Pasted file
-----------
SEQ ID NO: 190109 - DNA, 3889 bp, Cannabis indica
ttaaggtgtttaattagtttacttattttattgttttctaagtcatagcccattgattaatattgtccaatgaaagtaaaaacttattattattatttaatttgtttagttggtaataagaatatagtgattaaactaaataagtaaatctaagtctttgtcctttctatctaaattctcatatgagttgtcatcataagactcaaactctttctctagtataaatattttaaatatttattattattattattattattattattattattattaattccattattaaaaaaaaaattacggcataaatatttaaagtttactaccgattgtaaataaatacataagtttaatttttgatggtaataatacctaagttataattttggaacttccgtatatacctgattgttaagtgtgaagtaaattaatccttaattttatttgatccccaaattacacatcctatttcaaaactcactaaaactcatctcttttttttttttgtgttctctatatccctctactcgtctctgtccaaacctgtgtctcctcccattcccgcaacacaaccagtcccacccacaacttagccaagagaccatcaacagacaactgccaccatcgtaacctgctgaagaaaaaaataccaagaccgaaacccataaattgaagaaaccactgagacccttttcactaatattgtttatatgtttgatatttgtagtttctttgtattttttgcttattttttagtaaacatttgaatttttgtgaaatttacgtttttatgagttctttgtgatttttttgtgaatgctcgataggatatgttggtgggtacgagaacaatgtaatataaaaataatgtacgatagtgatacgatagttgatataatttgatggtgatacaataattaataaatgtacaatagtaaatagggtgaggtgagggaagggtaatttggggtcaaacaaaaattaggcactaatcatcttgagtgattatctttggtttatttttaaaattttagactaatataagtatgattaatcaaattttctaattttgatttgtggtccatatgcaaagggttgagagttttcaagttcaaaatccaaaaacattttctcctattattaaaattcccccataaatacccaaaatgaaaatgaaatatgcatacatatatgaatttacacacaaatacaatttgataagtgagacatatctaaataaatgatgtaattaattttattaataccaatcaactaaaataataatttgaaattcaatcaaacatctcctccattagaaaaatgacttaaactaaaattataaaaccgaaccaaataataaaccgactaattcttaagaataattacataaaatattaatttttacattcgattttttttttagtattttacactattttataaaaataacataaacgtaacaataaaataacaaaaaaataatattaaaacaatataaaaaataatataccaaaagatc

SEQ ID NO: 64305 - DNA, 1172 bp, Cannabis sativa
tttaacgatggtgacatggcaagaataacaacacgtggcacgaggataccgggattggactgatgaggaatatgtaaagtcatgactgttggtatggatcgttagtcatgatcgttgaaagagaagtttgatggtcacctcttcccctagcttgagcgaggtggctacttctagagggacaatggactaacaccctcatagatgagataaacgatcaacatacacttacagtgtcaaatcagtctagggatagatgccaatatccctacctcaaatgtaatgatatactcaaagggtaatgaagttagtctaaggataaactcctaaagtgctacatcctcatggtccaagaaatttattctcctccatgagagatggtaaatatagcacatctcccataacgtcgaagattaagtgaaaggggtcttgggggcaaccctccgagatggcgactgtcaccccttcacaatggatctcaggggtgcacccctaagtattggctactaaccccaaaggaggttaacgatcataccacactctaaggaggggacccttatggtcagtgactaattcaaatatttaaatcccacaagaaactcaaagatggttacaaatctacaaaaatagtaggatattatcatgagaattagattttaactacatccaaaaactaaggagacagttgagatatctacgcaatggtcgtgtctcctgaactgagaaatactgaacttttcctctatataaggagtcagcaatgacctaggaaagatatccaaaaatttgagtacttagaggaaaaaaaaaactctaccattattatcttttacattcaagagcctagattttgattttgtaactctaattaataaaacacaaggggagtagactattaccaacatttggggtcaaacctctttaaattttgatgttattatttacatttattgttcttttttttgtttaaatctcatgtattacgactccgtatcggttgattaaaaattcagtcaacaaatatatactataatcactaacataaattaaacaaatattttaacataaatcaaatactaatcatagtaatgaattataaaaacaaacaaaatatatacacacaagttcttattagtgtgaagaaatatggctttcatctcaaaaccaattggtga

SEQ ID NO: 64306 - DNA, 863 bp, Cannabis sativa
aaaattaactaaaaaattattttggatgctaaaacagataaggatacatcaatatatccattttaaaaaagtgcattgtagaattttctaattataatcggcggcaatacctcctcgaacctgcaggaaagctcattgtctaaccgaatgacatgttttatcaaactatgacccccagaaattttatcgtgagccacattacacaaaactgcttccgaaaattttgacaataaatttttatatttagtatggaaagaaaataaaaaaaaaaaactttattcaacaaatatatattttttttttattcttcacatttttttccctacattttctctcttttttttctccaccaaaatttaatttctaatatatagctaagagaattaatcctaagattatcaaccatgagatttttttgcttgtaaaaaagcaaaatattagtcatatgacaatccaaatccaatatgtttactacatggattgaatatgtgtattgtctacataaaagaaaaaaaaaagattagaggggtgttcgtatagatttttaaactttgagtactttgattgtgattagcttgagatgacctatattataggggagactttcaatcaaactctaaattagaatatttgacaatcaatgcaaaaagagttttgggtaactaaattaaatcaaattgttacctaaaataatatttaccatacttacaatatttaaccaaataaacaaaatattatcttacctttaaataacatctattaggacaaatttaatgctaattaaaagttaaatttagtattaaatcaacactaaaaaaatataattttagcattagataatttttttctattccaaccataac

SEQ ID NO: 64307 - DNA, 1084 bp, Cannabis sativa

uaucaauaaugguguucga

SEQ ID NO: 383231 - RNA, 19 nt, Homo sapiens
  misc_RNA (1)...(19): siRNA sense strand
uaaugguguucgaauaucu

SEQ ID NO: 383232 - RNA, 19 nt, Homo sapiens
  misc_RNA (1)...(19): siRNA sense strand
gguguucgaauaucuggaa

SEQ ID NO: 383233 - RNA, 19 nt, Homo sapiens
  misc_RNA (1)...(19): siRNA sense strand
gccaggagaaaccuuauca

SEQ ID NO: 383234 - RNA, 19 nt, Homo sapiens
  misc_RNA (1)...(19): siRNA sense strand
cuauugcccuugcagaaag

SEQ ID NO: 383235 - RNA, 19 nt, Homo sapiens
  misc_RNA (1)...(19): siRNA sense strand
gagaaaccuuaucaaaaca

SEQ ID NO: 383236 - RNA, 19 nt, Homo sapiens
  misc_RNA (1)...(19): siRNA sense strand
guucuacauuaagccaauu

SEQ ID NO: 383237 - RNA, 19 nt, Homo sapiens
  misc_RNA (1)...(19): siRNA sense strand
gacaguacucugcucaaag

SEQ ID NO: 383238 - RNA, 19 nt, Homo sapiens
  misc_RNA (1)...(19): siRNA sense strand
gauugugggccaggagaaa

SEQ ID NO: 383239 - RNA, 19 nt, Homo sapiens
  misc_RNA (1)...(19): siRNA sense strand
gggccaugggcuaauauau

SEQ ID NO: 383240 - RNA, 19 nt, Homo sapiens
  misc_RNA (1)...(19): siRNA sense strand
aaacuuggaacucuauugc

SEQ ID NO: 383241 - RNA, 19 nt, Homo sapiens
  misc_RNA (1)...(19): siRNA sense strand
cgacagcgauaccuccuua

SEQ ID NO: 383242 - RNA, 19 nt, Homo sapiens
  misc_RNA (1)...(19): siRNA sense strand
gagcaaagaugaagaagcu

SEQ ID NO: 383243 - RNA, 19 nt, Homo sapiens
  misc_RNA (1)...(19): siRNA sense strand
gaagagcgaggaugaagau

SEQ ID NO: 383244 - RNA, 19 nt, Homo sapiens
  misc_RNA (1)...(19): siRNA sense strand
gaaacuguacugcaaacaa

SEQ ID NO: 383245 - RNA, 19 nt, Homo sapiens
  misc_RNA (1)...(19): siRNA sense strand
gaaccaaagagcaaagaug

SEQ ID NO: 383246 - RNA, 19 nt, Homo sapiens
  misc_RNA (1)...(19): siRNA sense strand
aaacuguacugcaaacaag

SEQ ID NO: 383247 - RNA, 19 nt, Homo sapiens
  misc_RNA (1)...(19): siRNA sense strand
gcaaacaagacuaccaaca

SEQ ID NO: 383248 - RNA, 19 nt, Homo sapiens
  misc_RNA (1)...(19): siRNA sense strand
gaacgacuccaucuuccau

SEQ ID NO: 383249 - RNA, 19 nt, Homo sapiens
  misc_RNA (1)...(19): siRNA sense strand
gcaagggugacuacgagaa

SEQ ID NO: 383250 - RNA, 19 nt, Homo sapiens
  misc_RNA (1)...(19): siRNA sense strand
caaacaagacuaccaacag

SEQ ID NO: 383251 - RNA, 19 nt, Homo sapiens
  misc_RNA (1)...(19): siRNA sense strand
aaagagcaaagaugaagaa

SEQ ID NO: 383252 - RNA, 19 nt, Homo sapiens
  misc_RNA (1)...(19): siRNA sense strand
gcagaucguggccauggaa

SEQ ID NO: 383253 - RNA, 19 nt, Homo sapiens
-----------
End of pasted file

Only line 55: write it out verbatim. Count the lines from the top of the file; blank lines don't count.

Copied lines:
  misc_RNA (1)...(19): siRNA sense strand